5 recommended spots to go on a walk to enjoy Osaka in the spring
Spring in Japan is a season that makes you feel the beauty of nature anew. If you are wondering what the spring in Osaka might be like, here are 5 recommended spots to go on a walk enjoy the city in the spring.
This is a park in a rectangular shape located in the center of Osaka. It is divided in two areas, east and west, by the "Naniwa-suji", a path that runs across the center of the park from north to south. The Rose Park in the east side of the park, where more than 3,200 buds belonging to 151 different types of roses bloom in the beginning of May, is absolutely a must-see. A Rose Festival is held at the end of May, too, and it features a variety of events that include live concerts by artist and local groups, and also dancing. The park is just about a 15 minute ride by train from Osaka station, so we recommend coming here first to start your stroll.
1. Utsubo Park
After you enjoy the roses, try and walk to the Tennoji Park. This park opened in 1909, and it has many spots where you can enjoy water and greenery, such as the "Mizu no Hiroba" (Water Plaza), rose arches, and greenhouses. The entrance area, "Tenshiba", was renewed in 2015, and it offers a vast grassy area, a playground for children, and cafés and restaurants where you can relax. It is located at about a 30 min. train ride from Osaka Station. It is not always open (open hours are between 9:30 am and 5:00 pm, and admission ends at 4:30 pm), so check the time before you visit. *The park opens from 9:30 am to 6:00 pm (admission ends at 5:30 pm) on Saturdays, Sundays, and National Holidays between May and September.
2. Tennoji Park
If you are visiting the Tennoji area, you must drop by the "Shitennoji" temple too. This is the first full blown Buddhist temple in Japan, and it is said to have been built in 593. The temple is arranged in a particular layout called "Shitennoji-shiki Garan Haichi" in Japanese, which features great influence from the Korean peninsula and China, and it belongs to one of the oldest architectural styles of Japan. There are many must-see spots in the temple grounds, such as the "Taishi-den", where Prince Shotoku is enshrined and the "Gokuraku-jodo Garden", a traditional Japanese-style garden. In addition, at the end of April, valuable paintings that belong to the temple are displayed to the public. We recommend strolling about the temple as you allow its sacred atmosphere to wash your heart clean.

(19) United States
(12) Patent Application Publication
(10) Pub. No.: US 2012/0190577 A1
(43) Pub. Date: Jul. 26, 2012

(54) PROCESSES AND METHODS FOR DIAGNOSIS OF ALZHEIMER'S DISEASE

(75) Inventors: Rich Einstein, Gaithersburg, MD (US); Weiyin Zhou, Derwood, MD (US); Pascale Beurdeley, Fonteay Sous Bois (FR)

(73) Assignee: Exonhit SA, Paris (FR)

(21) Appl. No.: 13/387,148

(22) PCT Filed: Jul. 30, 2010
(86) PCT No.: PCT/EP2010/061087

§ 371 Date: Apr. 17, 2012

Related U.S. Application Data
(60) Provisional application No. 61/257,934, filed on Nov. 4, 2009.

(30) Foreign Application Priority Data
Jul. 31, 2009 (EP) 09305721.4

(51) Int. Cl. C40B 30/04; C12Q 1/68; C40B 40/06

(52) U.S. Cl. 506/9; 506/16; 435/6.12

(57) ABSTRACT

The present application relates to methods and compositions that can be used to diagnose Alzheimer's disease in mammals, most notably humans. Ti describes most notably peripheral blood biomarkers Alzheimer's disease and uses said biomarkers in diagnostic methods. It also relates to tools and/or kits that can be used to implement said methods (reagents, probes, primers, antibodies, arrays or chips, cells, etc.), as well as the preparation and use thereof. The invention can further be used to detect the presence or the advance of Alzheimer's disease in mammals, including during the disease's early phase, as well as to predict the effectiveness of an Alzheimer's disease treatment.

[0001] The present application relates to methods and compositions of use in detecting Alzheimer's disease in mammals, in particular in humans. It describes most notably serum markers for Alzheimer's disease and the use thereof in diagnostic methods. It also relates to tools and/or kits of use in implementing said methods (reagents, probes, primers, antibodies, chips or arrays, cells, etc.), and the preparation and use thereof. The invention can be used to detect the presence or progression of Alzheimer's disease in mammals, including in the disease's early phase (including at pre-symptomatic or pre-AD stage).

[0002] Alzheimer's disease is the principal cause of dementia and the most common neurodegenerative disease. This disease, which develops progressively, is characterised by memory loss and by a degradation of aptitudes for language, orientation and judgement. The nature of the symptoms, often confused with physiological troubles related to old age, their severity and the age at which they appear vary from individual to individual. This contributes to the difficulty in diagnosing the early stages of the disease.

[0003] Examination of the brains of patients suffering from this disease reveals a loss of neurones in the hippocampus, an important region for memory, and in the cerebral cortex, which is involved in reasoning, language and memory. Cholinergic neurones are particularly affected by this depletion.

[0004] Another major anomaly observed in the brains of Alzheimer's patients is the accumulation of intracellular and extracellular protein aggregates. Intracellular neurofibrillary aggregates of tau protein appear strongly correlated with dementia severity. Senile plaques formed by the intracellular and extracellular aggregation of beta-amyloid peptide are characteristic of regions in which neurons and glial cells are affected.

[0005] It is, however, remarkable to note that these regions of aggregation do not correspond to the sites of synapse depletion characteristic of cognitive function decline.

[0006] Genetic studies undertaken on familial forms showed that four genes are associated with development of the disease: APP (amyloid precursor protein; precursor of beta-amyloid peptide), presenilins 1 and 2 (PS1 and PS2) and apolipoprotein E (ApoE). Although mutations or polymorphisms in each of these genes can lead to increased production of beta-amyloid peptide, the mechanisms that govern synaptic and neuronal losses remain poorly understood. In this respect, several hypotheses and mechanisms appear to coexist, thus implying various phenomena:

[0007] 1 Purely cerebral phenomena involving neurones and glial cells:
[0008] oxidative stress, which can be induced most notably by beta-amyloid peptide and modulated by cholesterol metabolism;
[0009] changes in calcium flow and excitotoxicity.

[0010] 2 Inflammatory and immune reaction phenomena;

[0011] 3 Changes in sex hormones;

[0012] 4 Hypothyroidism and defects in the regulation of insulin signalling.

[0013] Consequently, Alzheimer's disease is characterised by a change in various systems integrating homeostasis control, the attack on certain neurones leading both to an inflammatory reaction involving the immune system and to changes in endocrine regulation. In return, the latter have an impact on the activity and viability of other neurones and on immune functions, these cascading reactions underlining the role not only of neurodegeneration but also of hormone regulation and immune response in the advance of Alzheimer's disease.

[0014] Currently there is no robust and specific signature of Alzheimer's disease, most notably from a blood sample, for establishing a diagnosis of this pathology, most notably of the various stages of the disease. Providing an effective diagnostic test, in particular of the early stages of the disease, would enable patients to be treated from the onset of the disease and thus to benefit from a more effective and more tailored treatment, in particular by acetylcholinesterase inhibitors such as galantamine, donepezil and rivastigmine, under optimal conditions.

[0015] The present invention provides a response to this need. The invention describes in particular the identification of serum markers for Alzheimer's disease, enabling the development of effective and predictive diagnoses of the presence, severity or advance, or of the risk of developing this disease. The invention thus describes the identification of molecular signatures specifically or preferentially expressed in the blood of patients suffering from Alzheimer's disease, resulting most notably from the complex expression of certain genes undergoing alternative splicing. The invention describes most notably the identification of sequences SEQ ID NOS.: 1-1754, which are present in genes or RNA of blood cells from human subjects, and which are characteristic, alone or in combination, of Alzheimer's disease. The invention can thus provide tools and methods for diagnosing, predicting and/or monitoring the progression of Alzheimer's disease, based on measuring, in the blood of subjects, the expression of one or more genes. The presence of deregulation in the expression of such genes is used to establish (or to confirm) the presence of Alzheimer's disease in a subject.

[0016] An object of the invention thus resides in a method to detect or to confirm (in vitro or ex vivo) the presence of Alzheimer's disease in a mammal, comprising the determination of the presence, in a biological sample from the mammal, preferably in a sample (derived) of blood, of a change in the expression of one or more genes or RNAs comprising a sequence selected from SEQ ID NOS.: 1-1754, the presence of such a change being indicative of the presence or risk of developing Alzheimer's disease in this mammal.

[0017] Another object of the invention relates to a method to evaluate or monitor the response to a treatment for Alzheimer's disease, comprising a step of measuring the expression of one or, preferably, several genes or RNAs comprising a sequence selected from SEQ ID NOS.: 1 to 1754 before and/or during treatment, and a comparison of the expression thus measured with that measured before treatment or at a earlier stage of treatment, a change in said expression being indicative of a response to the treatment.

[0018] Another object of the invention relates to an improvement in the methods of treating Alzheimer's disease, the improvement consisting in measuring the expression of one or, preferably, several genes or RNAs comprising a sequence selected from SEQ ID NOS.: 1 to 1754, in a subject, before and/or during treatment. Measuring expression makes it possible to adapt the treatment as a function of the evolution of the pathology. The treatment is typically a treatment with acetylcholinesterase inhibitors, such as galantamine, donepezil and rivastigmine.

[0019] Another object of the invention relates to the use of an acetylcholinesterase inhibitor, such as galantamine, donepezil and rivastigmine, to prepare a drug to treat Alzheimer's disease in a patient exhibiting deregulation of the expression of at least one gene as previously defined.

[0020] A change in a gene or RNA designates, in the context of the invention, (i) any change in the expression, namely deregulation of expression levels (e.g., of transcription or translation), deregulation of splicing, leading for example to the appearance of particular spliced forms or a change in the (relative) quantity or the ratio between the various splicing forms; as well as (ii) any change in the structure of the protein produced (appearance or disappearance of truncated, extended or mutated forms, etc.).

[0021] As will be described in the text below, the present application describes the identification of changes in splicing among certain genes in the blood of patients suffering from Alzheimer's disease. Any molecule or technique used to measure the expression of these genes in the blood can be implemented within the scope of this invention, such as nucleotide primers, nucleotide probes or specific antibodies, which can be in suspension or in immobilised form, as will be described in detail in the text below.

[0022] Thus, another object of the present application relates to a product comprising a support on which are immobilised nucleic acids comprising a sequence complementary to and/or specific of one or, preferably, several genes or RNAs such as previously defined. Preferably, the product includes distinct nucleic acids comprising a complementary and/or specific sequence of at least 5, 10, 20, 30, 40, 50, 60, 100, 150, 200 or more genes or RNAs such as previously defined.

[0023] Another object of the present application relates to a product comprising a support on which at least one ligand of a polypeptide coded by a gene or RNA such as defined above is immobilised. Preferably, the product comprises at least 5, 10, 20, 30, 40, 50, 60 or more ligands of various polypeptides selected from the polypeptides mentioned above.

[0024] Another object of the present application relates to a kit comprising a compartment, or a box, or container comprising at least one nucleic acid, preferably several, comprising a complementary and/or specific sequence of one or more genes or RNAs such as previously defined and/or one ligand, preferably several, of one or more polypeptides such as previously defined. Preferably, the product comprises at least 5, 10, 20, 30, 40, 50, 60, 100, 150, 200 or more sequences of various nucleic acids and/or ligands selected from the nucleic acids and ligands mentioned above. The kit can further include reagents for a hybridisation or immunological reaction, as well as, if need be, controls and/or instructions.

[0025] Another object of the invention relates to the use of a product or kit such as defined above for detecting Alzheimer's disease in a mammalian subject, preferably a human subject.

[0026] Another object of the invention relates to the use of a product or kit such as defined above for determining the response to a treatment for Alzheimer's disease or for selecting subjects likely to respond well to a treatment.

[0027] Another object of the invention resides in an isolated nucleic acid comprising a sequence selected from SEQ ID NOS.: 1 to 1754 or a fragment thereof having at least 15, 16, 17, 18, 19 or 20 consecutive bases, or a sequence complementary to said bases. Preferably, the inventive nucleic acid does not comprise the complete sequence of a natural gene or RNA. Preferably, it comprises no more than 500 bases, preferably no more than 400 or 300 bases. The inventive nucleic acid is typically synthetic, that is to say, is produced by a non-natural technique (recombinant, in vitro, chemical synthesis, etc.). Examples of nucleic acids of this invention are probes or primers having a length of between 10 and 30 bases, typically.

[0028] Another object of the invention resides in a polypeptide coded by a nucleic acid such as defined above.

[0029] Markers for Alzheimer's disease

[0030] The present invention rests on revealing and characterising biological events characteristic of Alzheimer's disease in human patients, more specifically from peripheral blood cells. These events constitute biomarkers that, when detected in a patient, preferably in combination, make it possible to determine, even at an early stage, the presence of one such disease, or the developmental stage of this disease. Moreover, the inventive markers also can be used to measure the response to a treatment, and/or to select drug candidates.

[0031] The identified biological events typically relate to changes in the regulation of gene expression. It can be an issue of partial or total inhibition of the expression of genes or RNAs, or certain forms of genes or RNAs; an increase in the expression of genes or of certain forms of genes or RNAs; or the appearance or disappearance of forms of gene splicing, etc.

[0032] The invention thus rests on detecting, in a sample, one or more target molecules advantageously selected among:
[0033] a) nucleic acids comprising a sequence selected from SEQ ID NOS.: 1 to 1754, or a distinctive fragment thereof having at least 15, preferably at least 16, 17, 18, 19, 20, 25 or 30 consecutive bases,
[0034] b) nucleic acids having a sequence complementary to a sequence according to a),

Getting a feeling of the spring by strolling about parks is great, but how about enjoying the spring in Osaka from the water as well? A good option would be the Osaka Water Bus "Aqua Liner", which offers a 60 minute plan in which the water bus tours around spots famous for their cherry blossoms, such as the Osaka Castle and the Nakanoshima Park - all you have to do is sit back and relax as you enjoy the spring scenery. The price is about 2,000 JPY per adult. And if you are not visiting during the cherry blossom season, there are also 4 other sightseeing plans that tour around Osaka's retro buildings. This is definitely a great opportunity to enjoy spring in Osaka in a way different than when you are on the ground!
Cherry blossoms are an essential part of the spring in Japan, and the cherry blossoms of the Osaka Castle Park are a very famous spot that is representative of Osaka. In this park, more than 3,000 cherry trees create a beautifully harmonious view together with the large stone walls and the moat. The Nishinomaru Park, where about 300 cherry trees are planted, is a must-see. This park is located at about a 15 minute train ride from Osaka station. In addition, the cherry blossoms are lit up by night, so it might be a good idea to enjoy the view of the flowers by night after your walk is over.
There are many places in Osaka where you can enjoy the nature in the spring. Going shopping and visiting famous sightseeing spots is great, but we also recommend trying and enjoying a relaxed walk to visit the places mentioned above.
*Please note that the information in this article is from the time of writing or publication and may differ from the latest information.